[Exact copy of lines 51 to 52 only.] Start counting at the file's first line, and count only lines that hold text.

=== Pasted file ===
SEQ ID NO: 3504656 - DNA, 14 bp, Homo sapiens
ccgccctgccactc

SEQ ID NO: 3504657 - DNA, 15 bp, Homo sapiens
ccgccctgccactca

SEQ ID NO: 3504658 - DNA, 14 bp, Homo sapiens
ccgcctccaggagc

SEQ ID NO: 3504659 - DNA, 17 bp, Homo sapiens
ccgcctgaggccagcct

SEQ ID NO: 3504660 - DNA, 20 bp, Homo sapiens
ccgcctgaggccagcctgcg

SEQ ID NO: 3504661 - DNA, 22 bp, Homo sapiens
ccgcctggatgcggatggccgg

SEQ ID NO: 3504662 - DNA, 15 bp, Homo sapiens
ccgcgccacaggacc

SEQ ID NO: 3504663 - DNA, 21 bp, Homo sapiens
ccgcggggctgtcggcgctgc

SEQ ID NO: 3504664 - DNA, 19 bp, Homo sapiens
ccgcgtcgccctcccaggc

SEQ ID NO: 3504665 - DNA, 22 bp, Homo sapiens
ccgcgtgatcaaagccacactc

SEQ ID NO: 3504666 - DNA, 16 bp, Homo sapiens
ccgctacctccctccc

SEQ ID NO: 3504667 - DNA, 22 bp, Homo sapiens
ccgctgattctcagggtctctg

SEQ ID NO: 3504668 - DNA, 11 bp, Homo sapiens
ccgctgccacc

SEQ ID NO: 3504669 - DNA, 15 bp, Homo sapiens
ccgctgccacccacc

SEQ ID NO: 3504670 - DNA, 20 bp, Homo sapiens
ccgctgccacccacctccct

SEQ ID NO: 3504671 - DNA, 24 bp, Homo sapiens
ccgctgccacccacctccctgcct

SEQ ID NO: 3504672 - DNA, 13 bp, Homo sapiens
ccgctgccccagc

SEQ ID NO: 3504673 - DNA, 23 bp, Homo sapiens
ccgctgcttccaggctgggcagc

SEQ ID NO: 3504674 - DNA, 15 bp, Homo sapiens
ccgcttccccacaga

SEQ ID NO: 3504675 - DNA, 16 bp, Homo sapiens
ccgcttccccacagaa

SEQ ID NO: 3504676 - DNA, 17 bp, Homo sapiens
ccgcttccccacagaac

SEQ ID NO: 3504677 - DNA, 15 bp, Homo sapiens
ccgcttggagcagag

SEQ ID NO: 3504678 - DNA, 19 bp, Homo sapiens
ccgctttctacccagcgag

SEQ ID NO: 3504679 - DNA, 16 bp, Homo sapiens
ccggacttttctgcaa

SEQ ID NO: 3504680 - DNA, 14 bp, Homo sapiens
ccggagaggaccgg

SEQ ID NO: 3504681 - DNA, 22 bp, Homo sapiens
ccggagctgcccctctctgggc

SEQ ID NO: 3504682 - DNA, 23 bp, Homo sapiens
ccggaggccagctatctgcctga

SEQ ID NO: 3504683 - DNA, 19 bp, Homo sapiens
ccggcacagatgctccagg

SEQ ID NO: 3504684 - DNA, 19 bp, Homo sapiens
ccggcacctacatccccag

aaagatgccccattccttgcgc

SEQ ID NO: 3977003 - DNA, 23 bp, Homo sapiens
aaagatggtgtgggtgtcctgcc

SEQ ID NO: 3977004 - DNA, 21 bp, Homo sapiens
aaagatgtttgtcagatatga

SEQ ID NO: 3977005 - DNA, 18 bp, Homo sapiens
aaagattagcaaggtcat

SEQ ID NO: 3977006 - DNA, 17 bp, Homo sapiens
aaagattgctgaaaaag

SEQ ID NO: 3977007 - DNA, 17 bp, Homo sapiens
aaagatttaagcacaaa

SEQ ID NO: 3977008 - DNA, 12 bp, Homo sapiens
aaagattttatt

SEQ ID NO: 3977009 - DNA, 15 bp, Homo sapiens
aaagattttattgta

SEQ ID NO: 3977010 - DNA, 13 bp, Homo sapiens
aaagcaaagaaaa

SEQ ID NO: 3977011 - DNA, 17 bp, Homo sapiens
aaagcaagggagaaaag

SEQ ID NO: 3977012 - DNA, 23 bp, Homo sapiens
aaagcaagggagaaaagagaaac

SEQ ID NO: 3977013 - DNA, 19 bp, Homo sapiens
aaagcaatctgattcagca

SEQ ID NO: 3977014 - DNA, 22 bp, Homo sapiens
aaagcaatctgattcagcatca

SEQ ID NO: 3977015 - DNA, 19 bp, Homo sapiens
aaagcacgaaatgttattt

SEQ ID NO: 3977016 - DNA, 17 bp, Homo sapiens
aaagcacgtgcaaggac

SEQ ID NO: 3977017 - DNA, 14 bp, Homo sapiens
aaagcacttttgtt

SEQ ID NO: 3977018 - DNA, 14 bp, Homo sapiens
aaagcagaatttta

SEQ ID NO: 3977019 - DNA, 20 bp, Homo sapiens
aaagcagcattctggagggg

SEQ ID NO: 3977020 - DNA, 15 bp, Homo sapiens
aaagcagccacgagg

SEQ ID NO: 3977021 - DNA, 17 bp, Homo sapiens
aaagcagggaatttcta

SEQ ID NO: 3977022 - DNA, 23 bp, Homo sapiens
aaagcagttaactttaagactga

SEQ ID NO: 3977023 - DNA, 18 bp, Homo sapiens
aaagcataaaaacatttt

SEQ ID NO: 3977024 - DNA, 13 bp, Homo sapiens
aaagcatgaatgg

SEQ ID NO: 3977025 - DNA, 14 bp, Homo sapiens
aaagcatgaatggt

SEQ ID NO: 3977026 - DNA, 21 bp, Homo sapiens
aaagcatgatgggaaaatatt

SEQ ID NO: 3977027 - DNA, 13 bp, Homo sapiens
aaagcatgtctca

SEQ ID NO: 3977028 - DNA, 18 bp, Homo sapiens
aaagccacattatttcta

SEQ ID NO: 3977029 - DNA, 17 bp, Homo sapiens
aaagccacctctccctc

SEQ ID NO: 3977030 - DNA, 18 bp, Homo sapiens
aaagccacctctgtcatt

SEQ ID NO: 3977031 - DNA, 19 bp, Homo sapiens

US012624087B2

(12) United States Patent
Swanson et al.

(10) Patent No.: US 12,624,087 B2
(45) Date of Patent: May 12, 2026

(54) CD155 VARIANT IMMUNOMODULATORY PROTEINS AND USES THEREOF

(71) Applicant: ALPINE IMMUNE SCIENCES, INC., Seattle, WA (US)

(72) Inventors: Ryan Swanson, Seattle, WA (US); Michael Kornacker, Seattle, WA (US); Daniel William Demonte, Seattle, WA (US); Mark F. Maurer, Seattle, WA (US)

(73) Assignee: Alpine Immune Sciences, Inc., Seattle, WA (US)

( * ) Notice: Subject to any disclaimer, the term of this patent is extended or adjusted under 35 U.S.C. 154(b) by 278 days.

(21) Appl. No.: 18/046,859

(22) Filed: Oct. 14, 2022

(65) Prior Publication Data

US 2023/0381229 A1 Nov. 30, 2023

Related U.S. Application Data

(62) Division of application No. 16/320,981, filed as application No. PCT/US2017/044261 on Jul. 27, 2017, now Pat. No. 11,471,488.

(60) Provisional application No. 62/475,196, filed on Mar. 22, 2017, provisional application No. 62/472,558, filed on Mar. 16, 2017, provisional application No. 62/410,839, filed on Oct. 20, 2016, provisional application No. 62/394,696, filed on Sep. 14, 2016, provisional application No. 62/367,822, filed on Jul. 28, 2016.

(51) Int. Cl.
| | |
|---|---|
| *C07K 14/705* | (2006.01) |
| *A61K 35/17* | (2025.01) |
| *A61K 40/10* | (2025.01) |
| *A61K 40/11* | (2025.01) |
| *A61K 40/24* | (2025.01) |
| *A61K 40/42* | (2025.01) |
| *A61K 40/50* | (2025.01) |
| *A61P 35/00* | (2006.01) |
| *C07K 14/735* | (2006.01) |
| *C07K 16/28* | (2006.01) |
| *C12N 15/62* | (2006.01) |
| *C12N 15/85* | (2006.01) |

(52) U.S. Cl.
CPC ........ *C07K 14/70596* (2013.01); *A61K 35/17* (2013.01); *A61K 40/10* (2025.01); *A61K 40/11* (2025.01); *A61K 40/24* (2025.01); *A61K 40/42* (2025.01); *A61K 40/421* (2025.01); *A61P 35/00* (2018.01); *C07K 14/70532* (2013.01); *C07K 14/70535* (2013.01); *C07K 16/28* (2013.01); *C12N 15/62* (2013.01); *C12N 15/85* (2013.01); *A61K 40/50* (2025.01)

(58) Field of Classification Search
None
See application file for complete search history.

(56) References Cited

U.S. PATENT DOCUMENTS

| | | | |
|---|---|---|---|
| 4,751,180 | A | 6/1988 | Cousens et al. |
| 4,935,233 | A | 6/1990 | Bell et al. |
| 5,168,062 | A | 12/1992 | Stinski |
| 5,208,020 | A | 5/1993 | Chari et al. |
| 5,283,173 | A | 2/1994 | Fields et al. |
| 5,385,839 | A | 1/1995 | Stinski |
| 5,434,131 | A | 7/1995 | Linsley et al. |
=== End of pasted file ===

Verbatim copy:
SEQ ID NO: 3504681 - DNA, 22 bp, Homo sapiens
ccggagctgcccctctctgggc